8. Stephen

    Do you even read the material that you post???

    “Virginia announced today that Iyman Faris was sentenced to 20 years in prison for providing material support and resources to al Qaeda and conspiracy for providing the terrorist organization with information about possible U.S. targets for attack”

    again, there are additional charges beyond the “material support and resources to al Qaeda”

  9. Stephen

    You obviously did not read the Jose Padillia info in its entirety.

    “Bush signed a memorandum designating Padilla as an enemy combatant and directed the Secretary of Defense to take him into custody. ”

    Most of the eveidence agsinst Jose in the military coulr was not admissible in the civilian court.

  10. Stephen

    Good day GeoT I must move on.. But, I will definitely keep the links that you have provided in my favorites… Thanks for the spirited exchange and I apologize for the use of the phrase “you can lie” that was not my intent to call you a liar. I was going to poke fun of you and the dems but hit the “submit commnet” to soon.

  11. angels81

    The last thing al-Qaeda wants, is for their thugs to be tried in a civilian court. By the US showing the world that we stand by our laws and have faith in our legal system, goes against all the propaganda that al-Qaeda spews about us. al-Qaeda would rather see us try their people in secret military tribunals were they can make the claims of torture and kangaroo courts.

    By showing the world that we are not afraid to try these thugs under the laws of this country, and give them a fair trial in public, will be a blow to the al-Qaeda propaganda machine. We should have trust in our legal system that has made this country great.

  12. angels81

    OT but, what the hell is going on over at Taylor Marshes site? For the last week I’ve had to check if I had logged onto Red State by mistake. If I was a repug or tea bagger, all I’d have to do is cut and paste Taylor’s site. Say anything good about Obama or Democrats and you will get shot down quick.

    I understand being peeved at Obama and dems but, lets not forget who will take over if Democrats lose big in 2010. I don’t think I can take that kind of nightmare again.

    • well….

      they’ve been kind of gradually heading in that direction for some time.

      • betsmeier

        angels that’s why I won’t go there anymore and comment. Although I do go and read. Between kris, djjl, LL, it just seems that the attacks are getting worse. And of course the defense of Hillary is so obvious it isn’t even funny.
        So, I just choose to no longer comment in there. And of course TM loves to rile them up under the guise that she’s reporting both sides.
        I’m also beginning to think she really does think Palin is great. Who knows, it’s all just too depressing.

  13. angels81

    Hi Betsy, good to hear from you. I missed you over at Taylor’s, but now that I have found were you folks went, I’ve found a new home.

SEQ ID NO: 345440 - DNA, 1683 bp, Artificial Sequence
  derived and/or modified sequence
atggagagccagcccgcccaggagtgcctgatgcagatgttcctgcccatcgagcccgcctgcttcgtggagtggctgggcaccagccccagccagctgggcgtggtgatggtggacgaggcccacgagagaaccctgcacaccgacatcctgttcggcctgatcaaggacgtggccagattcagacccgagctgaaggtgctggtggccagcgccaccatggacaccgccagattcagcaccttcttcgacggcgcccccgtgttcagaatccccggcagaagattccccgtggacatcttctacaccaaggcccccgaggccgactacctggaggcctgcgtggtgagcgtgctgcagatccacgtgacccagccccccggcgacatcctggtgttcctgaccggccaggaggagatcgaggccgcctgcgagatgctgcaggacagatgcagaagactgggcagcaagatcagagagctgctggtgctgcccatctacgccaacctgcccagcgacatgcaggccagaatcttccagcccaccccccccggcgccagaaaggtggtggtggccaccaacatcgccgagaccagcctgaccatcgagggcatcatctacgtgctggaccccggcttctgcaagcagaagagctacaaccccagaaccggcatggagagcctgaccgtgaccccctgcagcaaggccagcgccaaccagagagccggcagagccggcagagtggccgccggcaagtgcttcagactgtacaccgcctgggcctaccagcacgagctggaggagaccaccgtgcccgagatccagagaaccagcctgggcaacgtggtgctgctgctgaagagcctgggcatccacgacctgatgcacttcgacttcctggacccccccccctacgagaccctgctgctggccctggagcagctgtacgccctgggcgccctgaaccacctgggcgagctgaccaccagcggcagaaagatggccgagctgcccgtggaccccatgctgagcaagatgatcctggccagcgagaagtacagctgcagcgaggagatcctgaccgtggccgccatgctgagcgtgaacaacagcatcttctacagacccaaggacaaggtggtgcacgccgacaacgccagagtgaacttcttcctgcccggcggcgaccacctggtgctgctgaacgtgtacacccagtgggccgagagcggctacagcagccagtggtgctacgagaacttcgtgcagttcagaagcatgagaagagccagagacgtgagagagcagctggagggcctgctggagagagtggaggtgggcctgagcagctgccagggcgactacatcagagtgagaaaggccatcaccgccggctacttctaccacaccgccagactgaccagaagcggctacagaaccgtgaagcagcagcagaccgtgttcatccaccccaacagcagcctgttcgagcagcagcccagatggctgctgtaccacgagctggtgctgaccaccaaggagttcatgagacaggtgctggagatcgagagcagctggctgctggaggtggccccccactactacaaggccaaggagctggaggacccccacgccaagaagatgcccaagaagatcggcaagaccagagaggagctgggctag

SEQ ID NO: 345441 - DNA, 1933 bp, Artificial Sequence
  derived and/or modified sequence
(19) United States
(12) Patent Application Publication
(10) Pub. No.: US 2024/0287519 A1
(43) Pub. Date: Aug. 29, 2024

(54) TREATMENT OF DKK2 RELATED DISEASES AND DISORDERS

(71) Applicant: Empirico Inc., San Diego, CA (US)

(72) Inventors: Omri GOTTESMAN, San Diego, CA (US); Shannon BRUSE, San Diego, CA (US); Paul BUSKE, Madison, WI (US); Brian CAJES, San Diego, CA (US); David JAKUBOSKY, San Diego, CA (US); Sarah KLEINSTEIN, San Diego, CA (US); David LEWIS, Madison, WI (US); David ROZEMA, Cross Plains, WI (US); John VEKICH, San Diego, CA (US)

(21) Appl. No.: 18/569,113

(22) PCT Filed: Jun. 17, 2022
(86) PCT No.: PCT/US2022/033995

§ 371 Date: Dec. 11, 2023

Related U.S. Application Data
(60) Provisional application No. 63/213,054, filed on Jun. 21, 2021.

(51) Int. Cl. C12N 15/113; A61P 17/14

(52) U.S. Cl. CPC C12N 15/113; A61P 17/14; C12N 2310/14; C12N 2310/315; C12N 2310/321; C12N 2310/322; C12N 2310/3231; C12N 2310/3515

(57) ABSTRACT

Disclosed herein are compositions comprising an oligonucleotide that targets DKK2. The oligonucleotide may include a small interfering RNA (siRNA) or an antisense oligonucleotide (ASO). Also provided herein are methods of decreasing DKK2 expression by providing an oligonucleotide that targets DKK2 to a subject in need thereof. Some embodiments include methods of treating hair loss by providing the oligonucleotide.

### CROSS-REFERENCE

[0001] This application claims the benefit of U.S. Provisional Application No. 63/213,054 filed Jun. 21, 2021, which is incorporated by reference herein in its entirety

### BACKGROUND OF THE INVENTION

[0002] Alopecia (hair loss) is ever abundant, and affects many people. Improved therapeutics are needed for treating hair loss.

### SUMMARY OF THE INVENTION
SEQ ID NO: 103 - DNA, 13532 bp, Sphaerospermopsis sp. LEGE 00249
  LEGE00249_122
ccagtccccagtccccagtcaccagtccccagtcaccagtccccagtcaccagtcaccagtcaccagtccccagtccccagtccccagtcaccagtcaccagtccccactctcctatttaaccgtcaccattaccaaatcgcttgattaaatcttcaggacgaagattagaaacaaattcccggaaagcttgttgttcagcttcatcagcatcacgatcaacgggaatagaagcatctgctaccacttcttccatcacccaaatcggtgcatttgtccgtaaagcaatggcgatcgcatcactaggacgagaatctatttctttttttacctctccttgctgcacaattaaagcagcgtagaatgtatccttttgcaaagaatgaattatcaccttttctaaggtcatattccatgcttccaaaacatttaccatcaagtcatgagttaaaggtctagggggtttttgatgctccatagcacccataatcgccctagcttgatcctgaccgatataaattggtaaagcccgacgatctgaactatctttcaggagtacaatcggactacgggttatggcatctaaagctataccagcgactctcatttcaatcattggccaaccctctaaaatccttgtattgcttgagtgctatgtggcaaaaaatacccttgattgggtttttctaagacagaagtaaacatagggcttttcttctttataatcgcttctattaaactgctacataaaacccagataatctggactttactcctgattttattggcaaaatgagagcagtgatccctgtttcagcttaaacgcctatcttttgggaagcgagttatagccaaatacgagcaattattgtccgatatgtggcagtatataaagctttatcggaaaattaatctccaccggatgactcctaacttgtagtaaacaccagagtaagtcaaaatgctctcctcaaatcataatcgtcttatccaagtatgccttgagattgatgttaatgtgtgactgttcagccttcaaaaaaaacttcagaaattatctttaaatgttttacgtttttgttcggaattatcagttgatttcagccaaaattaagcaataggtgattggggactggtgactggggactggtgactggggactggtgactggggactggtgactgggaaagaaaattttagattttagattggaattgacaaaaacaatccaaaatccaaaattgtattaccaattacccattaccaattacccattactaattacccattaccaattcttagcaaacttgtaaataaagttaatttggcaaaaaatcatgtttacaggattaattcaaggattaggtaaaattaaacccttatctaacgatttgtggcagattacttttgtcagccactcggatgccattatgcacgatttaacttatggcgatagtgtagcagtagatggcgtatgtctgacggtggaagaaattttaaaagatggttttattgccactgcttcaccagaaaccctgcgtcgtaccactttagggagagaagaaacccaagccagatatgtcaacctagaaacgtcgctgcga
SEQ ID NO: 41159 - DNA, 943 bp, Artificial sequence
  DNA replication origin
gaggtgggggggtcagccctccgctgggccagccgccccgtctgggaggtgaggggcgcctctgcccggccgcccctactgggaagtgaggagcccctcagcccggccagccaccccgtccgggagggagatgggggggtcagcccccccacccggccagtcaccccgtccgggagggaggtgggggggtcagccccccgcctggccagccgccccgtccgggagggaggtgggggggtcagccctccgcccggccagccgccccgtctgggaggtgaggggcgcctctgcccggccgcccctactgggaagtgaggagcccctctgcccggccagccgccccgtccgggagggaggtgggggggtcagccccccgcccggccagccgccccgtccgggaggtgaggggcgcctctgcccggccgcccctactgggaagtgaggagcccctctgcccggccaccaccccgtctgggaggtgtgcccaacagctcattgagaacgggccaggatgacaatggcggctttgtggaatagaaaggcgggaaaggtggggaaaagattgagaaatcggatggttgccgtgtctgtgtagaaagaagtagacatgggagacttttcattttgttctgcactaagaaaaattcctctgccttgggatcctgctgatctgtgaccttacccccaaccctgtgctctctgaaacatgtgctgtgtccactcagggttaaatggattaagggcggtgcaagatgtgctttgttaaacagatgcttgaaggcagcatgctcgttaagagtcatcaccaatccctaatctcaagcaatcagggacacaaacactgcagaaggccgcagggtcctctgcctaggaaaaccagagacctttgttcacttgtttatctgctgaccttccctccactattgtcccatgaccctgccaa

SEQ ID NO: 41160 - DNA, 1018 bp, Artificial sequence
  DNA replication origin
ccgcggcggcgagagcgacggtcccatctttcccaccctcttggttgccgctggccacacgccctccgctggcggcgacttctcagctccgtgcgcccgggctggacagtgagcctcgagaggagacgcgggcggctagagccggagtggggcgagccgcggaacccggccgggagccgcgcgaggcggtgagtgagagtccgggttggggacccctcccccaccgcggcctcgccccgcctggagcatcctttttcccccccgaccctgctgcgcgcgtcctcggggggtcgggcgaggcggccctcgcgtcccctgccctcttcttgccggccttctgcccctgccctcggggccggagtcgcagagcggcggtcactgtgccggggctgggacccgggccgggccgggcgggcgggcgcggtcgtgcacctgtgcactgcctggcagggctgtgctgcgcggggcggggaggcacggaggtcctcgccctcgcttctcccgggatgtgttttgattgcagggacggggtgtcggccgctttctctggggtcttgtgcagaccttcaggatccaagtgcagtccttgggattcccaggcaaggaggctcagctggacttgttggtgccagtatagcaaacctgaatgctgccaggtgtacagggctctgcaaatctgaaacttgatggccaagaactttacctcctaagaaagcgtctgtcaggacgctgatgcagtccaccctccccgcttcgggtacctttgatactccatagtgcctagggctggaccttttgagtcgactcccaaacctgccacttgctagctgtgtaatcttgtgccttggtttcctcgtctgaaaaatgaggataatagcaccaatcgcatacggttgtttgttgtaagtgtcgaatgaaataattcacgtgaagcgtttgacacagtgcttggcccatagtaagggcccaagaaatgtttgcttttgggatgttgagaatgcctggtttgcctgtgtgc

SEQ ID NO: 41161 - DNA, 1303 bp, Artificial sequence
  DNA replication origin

• ogenec

      I hope that you mean that. I don’t always agree with you, but I have always admired the way you insist on keeping it about the issues. Please don’t just post comments here. Put up threads on things bugging you, so we can have a spirited debate.

      As for me, I agree with this thesis from the Washington Post, that there are four political parties, not two: http://voices.washingtonpost.com/postpartisan/2010/01/dick_morris_sees_two_parties_i.htm I’m an unabashed member of the centrist party. You guys are progressives. The tension between both parties is very high. But I believe neither of us can gain power, much less govern effectively, without the other. So it behooves us to find ways to cooperate on the foundational planks of a center-left program for a lasting Democratic majority. Instead of beating each other’s brains out.

      I intend to put up posts over the next year that will explore these ideas and augment them with input from like-minded folks (including my fellow 44-Ders). At some point you wake up and say, WTF I am waiting on someone else for? And you do it yourself. That is, when you’re not singing the praises of DJ Hero and extolling questionable music choices. 🙂

  14. betsmeier

    Hey ogenec, I hate to tell you but when I took a survey I came out as a centrist also. I think the only thing that I’m progressive on is the health care reform. 🙂

  15. betsmeier

    Angels, if you come back to this thread I hope you will answer my question. My brother in law was in the airborne in Vietnam and he has agent orange. Are you having some of the symptoms that they have been talking about. If so, I found some interesting stuff and I will email it to you.

  16. angels81

    betsmeier, I have been lucky and not had any symptoms from agent orange. I have been tested by the VA a couple of times, and no signs.

    I operated in the central Highlands of Vietnam and saw the results of agent orange on the jungle and the people. I have lost good friends to this poison, and this is a black mark on this country that most people know little about.

    I hope your brother in law will be OK, and have him make sure he holds the VA’s feet to the fire.

  17. betsmeier

    Yes, they are really holding VA responsible. He has diabetes and they had to fight that one too. Just another disease that’s related to agent orange. They tried to tell him that because his mother is diabetic it’s genetic with him. My sister, who is a very persistent woman wouldn’t give in to them and they finally are giving him credit for that one.

  18. Hi all, here every person is sharing such experience, thus it’s pleasant to read this webpage, and I used to pay a quick visit this blog all the time.